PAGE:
Mon. Mar 4th, 2024

Researching exactly what her family needs to stock up on and the best place to get value for her money is worth spending the time on, says Amber Ethien

In the summer of 2019, Amber and Eric Ethien sold their Barrie home and decided to hit the road with plans to travel across North America with their growing family, a trip that was unfortunately cut short when COVID forced them to head back north.

The family, which now consists of mom and dad and 12 kids between the ages of one and 22, have since settled back into a life in Barrie, but the couple is determined to continue to find ways to provide their family with the kind of unique life experiences that the adventure on the road was meant to provide.

It’s for that reason, Amber explained, that as the price of everyday items from food to clothing continue to climb, she’s needing to be a lot more creative as she goes about things as simple as grocery shopping. 

Shopping for a large family was a challenge before the price of food started climbing in recent months, and the ongoing increases have forced her to be even more diligent with her planning and budgeting. 

Since moving in December 2019 to a larger home in the city’s south end, Amber says she’s been able to experiment with different things in an attempt to find what works best for her big family.

“I have tried bulk shopping and shopping for the whole month at a time, but I still ended up spending $1,400 for the month and that was me trying to get it cheaper,” she said. 

This month, she has a different game plan: to find the best bang for her buck, even if it means having to shop at multiple stores and stocking up on whatever is on sale.

“The most expensive stuff right now is meat and produce. Produce is hard, because you have to buy it every week and you have to pay the prices, but with meat, if chicken is on sale, I am stocking my freezer. If it’s pork chops on sale, then that’s what we are getting,” she said.

Amber said when it comes to produce, she has had to forgo the “variety” they used to enjoy and instead stick to whatever happens to be on sale. 

“Before in the fridge we’d have grapes, apples, strawberries, blueberries and now it’s like, ‘OK, we are going to choose the two we like the most … it’s just a lot.”

As many parents know, sometimes, there are just items that you know you need to get, no matter the cost. For the Ethien family, that includes cucumbers, strawberries and green grapes.

“I just paid $9 for a bag of grapes, but I need them because half of my kids survive off of them,” she said. “Cucumbers used to be 75 cents and now they’re like $2.50!”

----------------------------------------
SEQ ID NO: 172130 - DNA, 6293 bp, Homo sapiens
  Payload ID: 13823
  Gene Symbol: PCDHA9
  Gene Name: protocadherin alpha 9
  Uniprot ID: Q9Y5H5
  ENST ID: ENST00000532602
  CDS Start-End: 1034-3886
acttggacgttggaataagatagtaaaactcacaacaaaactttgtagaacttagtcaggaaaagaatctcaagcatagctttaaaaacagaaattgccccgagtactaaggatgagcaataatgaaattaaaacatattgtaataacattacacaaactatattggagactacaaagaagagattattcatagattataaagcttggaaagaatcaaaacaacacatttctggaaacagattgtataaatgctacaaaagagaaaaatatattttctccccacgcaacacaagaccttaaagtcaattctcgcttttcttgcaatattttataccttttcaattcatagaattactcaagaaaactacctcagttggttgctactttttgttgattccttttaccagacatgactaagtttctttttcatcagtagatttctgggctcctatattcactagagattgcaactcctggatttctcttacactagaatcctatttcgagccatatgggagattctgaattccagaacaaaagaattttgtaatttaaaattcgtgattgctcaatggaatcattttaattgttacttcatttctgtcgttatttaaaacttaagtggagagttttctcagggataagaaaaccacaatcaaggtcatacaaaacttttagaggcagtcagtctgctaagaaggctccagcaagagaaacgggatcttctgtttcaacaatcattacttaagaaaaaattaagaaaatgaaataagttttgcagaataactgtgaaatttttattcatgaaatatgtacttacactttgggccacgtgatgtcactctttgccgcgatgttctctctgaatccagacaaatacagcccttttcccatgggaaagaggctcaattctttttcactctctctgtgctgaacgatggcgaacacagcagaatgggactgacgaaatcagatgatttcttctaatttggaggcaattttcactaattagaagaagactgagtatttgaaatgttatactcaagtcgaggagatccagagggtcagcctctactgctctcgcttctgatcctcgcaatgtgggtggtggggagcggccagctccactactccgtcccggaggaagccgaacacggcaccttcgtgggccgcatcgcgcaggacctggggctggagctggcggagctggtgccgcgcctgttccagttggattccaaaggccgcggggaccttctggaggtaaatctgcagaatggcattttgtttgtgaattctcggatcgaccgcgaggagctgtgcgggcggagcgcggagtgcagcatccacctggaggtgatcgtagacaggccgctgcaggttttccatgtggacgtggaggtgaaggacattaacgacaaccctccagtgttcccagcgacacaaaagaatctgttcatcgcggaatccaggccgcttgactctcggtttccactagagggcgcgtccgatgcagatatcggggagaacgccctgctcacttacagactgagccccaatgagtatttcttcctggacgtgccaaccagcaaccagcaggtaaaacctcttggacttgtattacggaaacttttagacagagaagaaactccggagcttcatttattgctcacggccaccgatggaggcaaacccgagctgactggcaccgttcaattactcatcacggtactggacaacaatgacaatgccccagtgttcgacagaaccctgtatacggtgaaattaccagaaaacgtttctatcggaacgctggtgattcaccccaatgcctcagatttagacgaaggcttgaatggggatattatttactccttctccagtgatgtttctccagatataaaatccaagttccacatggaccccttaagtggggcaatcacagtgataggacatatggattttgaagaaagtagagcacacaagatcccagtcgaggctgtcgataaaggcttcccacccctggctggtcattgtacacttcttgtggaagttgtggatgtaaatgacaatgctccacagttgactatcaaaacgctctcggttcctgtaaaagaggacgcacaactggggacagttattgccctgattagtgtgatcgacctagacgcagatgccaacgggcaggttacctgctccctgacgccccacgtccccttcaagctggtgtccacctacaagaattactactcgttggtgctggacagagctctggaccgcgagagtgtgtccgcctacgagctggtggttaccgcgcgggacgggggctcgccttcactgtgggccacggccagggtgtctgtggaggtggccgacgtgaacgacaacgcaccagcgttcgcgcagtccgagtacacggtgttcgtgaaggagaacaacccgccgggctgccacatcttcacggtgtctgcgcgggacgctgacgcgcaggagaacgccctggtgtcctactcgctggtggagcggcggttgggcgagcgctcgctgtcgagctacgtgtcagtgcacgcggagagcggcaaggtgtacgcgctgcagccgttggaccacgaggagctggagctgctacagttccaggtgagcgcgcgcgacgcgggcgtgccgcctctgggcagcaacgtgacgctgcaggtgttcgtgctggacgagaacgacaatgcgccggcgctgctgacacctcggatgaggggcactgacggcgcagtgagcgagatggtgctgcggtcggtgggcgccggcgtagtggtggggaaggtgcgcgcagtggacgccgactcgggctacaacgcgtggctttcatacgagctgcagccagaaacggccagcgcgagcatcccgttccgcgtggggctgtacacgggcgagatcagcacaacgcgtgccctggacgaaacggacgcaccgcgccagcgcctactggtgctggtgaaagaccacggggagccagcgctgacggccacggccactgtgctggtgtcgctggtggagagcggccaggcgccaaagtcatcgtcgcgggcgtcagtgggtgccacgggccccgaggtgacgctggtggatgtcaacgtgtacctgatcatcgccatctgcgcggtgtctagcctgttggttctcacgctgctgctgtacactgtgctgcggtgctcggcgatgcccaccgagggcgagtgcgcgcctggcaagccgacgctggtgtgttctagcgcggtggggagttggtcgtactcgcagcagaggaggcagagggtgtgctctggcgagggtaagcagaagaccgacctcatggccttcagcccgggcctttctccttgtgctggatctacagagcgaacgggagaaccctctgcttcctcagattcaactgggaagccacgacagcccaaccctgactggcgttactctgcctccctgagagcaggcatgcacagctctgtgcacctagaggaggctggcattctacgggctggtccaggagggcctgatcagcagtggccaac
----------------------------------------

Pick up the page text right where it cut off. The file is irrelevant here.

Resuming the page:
Be prepared

While Amber does her best not to think about the fact that prices are going to continue to climb, she believes having a good system and being prepared is something that is definitely needed — whether you have one kid or 12.

“I would like to say having a good plan for things that maybe you are willing to cut out or change is solid. Some people don’t feel the crunch, but if you’re feeling it there are ways around it. Yeah, you may have to cut out strawberries one week but I think you just have to go with the flow and develop some sort of plan that works for you and your family.

“Any corners you can cut or if you have to go to two or three different grocery stores … do it … and it really, really helps to do your research.”

Researching exactly what her family needs to stock up on and the best place to get value for her money is worth spending the time on, she added.

“In my mind, it is worth it because I have to feed so many people. I buy specific things at specific stores. It may seem ridiculous to go to three different stores to buy things, but it’s the only way I am going to be able to get everybody the things they need and want,” Amber said.

When planning her shopping excursions, Amber said she typically focuses on where she can get the biggest bang for her buck, and relies heavily on an online coupon site to get her discounts. 

“I do our Walmart shop online, and because it’s always such a big shop, I use Rakuten and I buy Walmart gift cards … then I do my shop and I am always getting that extra little bonus. It’s not much, but it adds up with the amount of groceries we get,” she said. 

With even less time on her hands than before — Amber just returned to college to become a registered practical nurse — she has been taking advantage of the availability of online shopping.

“I think if it wasn’t for that (option) I would be spending a lot more time. I will spend a good solid hour going through the freezers, etc., but other than that it’s usually a daily check-in,” she said. “It’s spread out over the week, so that I don’t go crazy, but it takes some skill and brainpower — and you need to know what you’re doing.

“It can be draining.”

Although all of this extra time spent researching and planning can take its toll on anyone, Amber said it’s absolutely worth it as it means she can continue to provide her family with the kind of life she’d dreamed of when they first hit the road over two years ago.

“I have always valued experiences over items. I wanted to be able to experience some different things with my kids,” she said, adding they are in the midst of planning a trip to Florida later this year. “For me, realizing and coming to terms with how fragile life is and how important it is … if I can go out of my way and eat a $5 steak instead of a $20 steak for my entire year and in turn I get to spend two weeks at Disney and a couple of good camping trips I will do it.

“To me that’s my priority.”


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By admin